Systematics History

The Bar-shouldered Dove was first described by the British naturalist, George Shaw, in 1794. It was originally given the scientific name Columba humeralis, but was later reclassified as Geopelia humeralis in 1837 by John Gould.

Since then, the systematics of this species have been updated multiple times based on new research findings and advancements in technology.

Geographic Variation

The Bar-shouldered Dove is widely distributed across Australia and in some parts of Papua New Guinea and Indonesia. Due to its vast range, the species is subject to geographic variation.

The differences in geographic variation can be noticed in the coloration and size of the bird’s plumage across different populations.


The Bar-shouldered Dove has eleven recognized subspecies. These subspecies are differentiated based on various aspects of their morphology, which includes differences in plumage, size, and geographic location.

The subspecies are as follows:

1. G.

h. cinerea: Found in northwestern Australia and has paler plumage.

2. G.

h. leilas: Found in the central lowlands of Australia and is slightly smaller than other subspecies.

3. G.

h. humeralis: Known as the nominate subspecies, it is found in northeastern Queensland and is the largest of the subspecies.

4. G.

h. seducta: Found in southeastern Queensland, New South Wales and Victoria, this subspecies is slightly smaller than G.

h. humeralis.

5. G.

h. rogersi: Found in northern Queensland and has a reddish coloration on its wings.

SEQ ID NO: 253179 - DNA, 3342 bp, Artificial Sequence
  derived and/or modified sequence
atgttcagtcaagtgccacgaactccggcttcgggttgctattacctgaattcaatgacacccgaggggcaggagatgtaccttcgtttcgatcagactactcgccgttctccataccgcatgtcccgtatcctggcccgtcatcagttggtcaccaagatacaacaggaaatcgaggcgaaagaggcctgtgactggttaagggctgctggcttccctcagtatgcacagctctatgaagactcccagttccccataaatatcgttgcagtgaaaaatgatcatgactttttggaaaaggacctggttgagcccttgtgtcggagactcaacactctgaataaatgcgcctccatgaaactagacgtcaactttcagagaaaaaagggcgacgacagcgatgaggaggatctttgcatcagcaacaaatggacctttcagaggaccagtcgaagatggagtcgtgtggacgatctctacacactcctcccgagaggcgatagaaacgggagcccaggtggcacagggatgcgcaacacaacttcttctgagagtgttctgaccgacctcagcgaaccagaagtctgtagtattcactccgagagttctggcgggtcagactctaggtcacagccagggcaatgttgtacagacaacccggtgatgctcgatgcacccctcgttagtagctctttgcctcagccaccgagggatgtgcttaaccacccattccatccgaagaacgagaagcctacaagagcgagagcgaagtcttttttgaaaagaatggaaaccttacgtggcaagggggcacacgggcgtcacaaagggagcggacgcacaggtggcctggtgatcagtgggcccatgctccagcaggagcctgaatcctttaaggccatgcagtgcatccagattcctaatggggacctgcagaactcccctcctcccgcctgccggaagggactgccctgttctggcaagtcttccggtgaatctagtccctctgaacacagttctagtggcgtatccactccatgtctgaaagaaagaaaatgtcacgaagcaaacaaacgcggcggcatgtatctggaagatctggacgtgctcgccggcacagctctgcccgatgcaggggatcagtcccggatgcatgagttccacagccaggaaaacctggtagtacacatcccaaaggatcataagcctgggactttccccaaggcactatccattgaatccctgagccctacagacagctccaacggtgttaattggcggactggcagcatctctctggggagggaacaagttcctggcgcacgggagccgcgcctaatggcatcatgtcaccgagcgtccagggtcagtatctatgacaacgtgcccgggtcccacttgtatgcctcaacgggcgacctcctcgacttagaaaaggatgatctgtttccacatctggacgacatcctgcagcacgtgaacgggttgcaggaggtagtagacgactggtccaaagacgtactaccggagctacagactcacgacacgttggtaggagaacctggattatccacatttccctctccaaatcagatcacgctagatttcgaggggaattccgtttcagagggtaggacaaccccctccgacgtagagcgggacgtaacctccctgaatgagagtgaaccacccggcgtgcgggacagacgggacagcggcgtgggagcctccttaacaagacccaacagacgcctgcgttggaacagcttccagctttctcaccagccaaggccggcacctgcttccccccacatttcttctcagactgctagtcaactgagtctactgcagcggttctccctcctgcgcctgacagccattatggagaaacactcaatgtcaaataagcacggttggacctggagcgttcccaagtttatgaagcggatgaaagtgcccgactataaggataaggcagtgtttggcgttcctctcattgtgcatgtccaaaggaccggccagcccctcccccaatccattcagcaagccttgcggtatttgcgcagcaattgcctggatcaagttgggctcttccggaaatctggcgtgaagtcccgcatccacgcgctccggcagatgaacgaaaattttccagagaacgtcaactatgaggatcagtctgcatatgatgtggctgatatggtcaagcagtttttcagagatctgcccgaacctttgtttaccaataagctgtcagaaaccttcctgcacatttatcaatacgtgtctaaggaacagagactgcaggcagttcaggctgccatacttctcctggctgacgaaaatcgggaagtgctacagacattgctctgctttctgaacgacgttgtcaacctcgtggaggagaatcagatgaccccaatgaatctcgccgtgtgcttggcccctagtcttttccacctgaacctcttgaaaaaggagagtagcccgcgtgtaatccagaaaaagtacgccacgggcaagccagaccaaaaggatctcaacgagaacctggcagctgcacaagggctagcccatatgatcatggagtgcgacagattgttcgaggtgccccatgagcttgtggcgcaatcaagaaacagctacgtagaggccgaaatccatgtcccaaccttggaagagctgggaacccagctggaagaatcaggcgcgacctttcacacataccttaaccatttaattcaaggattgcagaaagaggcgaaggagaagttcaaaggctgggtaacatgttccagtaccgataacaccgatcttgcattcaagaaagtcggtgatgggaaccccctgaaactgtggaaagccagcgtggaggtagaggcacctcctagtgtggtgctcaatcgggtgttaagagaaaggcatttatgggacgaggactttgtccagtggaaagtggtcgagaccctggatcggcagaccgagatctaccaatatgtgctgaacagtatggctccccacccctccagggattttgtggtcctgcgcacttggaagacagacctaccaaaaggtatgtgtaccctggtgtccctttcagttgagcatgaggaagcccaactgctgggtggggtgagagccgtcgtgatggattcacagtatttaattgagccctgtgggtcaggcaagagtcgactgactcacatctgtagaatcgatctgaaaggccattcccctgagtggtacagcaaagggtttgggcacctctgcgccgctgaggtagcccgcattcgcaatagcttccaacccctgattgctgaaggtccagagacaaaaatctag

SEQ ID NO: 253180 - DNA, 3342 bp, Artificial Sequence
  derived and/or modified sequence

6. G.

h. rufopectus: Found in the Northern Territory of Australia, the subspecies has a chestnut-colored patch on the abdomen.

7. G.

h. nehrkornae: Found in New Guinea and the Aru Islands, this subspecies has a more vibrant and brownish plumage compared to its Australian counterparts.

8. G.

h. intermedia: Found in the eastern Moluccas, it is slightly larger and slightly darker than G.

h. nehrkornae.

9. G.

h. melvillensis: Found in the eastern parts of Timor, it has a more reddish tinge to its plumage.

10. G.

h. erythroptera: Found in the Tanimbar Islands of Indonesia, it has a more uniformly gray-colored head and neck with reddish wings.

11. G.

h. malaccensis: Found in a small portion of the Malay Peninsula, it is the smallest of the subspecies and has a more uniform grayish-brown plumage.

Related Species

The Bar-shouldered Dove belongs to the Genus Geopelia, which is made up of thirteen species of small doves. The members of this genus are easily recognized due to their unique and varied physical appearance.

Some species of Geopelia are so similar in appearance that they have historically been considered as conspecifics or part of a larger group. One such species is the Peaceful Dove (Geopelia placida), which is found in northern and eastern Australia, Indonesia, and Papua New Guinea.